It’s an indisputable fact that over the past decade the world has experienced a marked increase in the frequency and severity of natural disasters. From storms, to floods and wildfires people across the country, and in the United States in particular, are suddenly faced with a reality that includes dangerous and pervasive natural disasters. As a result, forecasting and meterology are more important than ever before. That’s why so many experts are warning against the creation of 5G networks around the world.
Now at this point, many of you are wondering what in the world 5G networks have to do with natural disasters, and that’s a very natural reaction. The truth is we didn’t mistype that. 5G networks and natural disasters share a very important connection. Let’s take a closer look.
The issue all comes down to radio waves. A 5G cellular network uses radio waves that networks of the past never tapped into. Unfortunately, weather satellites have been utilizing those frequencies for years. Meteorologists are now warning 5G providers that if their network start popping up all over the world, it will severely interfere with the meteorologists ability to accurately predict weather patterns. This could have devastating repercussions when it comes to major storms.
Eric Allaix, national frequency manager at French weather agency Meteo-France discussed the issue with the Insurance Journal. “It’s a trade-off between the economic benefits of 5G and the costs for human life,” said Allaix. “The satellite won’t be able to distinguish if these signals will be appearing because there’s a hurricane coming, or if it’s a consequence of the out-of-band emissions of this 5G technology.”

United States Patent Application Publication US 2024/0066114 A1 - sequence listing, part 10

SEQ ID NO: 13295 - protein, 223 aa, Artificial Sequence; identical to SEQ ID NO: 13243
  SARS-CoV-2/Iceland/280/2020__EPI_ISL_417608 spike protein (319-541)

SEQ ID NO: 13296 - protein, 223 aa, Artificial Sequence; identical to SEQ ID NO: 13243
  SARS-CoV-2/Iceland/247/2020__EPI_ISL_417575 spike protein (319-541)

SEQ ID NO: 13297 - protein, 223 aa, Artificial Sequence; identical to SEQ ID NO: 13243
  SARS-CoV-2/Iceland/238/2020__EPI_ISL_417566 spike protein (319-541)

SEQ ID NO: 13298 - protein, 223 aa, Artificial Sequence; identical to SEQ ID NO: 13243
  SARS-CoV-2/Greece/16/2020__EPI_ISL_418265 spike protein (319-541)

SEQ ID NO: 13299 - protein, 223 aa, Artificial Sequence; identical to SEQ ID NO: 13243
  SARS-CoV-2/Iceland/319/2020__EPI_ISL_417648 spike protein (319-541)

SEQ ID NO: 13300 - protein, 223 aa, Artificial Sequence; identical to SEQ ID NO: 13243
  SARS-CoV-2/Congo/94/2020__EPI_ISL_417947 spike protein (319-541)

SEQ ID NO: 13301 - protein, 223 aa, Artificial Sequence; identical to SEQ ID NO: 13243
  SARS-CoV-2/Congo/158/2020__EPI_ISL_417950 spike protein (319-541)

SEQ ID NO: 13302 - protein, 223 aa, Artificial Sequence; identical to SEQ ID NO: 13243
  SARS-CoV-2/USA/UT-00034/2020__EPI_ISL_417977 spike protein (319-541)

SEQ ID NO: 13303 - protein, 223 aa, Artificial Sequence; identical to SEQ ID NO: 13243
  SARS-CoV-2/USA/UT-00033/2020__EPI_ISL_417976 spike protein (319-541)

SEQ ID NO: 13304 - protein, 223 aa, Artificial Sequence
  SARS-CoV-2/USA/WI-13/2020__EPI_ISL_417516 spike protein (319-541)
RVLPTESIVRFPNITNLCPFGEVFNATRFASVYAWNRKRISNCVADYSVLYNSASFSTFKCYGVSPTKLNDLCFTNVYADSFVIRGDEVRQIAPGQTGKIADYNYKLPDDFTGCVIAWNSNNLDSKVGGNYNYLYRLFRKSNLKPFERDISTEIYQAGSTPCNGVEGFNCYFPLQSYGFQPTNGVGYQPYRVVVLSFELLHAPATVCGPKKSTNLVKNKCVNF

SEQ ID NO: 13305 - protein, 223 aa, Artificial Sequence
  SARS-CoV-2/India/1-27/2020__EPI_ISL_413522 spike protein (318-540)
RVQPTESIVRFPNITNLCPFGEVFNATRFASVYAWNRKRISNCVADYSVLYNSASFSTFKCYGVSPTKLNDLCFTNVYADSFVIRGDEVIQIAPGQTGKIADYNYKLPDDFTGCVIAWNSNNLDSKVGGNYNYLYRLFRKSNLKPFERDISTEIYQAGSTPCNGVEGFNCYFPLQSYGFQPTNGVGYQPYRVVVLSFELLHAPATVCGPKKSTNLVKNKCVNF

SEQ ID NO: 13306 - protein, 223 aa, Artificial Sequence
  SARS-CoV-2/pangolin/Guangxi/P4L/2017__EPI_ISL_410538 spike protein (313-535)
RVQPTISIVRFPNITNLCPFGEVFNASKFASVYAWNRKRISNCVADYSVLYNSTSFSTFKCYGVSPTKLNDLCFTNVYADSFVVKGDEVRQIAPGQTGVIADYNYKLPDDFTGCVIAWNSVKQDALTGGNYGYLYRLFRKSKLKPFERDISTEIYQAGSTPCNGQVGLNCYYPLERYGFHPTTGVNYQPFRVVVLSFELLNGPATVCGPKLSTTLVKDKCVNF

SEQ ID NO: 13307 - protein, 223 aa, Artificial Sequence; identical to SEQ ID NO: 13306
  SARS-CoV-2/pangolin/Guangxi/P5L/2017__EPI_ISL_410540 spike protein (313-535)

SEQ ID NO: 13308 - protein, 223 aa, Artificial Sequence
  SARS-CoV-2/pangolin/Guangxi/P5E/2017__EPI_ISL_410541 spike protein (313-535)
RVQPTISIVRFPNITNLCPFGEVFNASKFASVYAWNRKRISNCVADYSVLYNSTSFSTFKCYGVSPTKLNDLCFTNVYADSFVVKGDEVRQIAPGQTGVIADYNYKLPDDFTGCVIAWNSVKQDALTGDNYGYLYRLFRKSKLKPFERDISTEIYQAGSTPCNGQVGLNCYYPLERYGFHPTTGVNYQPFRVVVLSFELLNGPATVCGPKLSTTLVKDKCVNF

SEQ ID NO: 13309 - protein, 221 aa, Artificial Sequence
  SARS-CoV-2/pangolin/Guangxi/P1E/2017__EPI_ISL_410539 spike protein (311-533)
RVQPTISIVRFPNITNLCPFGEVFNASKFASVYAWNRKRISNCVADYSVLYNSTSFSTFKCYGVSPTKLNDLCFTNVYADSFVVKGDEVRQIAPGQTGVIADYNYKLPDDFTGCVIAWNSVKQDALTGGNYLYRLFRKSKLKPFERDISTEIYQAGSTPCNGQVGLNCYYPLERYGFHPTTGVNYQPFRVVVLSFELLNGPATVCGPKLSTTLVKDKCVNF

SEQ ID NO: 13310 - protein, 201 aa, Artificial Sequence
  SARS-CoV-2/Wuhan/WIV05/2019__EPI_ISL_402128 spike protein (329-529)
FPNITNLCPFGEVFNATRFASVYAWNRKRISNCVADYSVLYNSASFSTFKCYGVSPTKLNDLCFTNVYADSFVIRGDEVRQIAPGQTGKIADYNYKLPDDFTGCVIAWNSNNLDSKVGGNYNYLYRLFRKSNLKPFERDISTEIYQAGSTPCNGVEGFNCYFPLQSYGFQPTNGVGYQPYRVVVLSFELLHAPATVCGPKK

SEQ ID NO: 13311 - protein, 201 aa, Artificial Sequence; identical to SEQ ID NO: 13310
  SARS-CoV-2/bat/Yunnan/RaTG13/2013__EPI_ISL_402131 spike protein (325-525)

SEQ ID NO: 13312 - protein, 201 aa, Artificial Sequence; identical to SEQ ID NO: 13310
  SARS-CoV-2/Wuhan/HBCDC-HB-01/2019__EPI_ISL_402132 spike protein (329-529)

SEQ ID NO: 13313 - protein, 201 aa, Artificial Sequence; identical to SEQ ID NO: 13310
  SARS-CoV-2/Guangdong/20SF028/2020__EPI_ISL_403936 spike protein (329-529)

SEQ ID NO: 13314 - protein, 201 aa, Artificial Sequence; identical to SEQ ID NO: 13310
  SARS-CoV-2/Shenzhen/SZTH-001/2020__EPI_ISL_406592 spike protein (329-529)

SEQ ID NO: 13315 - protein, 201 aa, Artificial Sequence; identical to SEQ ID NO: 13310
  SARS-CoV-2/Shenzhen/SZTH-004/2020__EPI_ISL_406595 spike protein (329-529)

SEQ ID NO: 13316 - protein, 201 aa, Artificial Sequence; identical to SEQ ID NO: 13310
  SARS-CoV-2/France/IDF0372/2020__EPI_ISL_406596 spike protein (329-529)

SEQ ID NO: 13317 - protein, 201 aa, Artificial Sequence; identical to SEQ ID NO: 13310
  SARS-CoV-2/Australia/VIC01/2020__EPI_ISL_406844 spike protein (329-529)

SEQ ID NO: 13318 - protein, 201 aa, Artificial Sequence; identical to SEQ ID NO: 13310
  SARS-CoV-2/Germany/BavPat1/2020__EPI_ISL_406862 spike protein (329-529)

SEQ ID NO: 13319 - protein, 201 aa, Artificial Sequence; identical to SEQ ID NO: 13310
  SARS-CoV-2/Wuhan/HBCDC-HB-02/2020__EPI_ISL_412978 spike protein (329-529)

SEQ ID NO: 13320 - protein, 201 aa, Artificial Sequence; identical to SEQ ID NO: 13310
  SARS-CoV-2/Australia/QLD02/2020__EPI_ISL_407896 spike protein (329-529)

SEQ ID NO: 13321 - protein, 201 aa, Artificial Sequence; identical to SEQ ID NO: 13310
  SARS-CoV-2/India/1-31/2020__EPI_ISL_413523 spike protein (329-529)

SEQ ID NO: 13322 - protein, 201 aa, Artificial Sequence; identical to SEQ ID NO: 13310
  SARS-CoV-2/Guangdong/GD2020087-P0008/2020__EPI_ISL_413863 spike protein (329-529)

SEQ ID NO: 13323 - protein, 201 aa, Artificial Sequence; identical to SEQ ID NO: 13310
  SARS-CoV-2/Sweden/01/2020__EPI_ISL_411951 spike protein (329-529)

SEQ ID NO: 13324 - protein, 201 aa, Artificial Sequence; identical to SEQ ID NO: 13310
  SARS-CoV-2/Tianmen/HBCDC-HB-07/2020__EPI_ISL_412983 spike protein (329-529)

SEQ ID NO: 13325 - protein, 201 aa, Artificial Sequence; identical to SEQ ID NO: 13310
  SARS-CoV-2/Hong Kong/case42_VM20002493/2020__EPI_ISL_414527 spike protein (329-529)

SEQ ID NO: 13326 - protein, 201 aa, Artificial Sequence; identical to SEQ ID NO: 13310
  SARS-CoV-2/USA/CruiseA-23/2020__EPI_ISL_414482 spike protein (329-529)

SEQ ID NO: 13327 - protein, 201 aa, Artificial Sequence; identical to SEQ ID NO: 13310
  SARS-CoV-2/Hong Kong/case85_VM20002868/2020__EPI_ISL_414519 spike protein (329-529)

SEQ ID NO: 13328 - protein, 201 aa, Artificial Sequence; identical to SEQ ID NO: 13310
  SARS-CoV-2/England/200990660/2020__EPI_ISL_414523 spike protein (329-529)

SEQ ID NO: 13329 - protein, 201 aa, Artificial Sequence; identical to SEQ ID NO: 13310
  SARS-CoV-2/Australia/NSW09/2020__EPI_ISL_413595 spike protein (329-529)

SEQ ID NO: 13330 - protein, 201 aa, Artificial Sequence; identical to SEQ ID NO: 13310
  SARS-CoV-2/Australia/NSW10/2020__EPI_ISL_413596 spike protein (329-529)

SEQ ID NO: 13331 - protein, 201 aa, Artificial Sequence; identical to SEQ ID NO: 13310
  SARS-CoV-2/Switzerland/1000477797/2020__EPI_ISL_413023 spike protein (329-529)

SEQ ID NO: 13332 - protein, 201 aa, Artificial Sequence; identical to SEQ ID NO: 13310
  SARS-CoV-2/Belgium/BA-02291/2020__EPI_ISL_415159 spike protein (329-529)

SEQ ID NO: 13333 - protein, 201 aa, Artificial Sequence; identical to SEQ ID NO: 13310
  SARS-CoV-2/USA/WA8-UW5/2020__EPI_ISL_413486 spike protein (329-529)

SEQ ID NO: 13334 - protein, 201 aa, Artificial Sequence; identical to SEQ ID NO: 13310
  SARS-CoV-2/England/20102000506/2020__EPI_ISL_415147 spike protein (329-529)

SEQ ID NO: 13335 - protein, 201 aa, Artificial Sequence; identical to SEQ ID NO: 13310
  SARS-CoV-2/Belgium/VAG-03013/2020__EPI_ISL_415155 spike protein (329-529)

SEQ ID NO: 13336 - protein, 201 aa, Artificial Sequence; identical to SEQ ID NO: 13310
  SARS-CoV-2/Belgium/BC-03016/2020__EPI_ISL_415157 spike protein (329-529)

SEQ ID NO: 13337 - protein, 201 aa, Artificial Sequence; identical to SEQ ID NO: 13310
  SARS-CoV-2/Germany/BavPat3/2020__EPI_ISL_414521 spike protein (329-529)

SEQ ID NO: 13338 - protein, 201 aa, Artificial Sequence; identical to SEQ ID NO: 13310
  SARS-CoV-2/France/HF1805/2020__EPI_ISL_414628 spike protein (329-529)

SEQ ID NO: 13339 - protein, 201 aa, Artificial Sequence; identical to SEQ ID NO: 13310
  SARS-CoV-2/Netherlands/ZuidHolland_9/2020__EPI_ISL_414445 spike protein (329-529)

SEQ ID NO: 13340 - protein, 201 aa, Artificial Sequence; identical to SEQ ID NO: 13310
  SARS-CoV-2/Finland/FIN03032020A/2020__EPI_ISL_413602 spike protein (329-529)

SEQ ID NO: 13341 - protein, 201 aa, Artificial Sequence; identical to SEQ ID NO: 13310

This is an issue that the entire world is facing. Since the signals interfere with satellites, if any country has a major 5G network it will affect the rest of the world’s ability to detect and predict weather patterns. As a result, a conference has been put together for October in the Egyptian resort of Sharm el-Sheikh, “…where almost 200 national regulators will try to forge an agreement in the face of fierce lobbying by the telecommunications industry, space agencies and forecasters,” writes the Insurance Journal.
Mobile industry trade body the GSMA and the U.S. government’s Federal Communications Commission (FCC) have both released statements claiming that 5G will not interfere with weather forecasting in any way.
The GSMA goes on to warn critics that if carriers are blocked from using these airwaves that they will be leaving roughly $565 in economic value on the table.
Of course, there are solutions that involve compromise. For example, regions could be created where only 5G or weather satellites can operate. Alternatively a buffer zone could be created between areas where 5G is used or weather satellites are needed.
The market is demanding faster wireless services and 5G is the answer. But with the reality of how frequent and dangerous severe weather events are becoming, accurate forecasting is a necessity as well. A compromise is going to have to be found.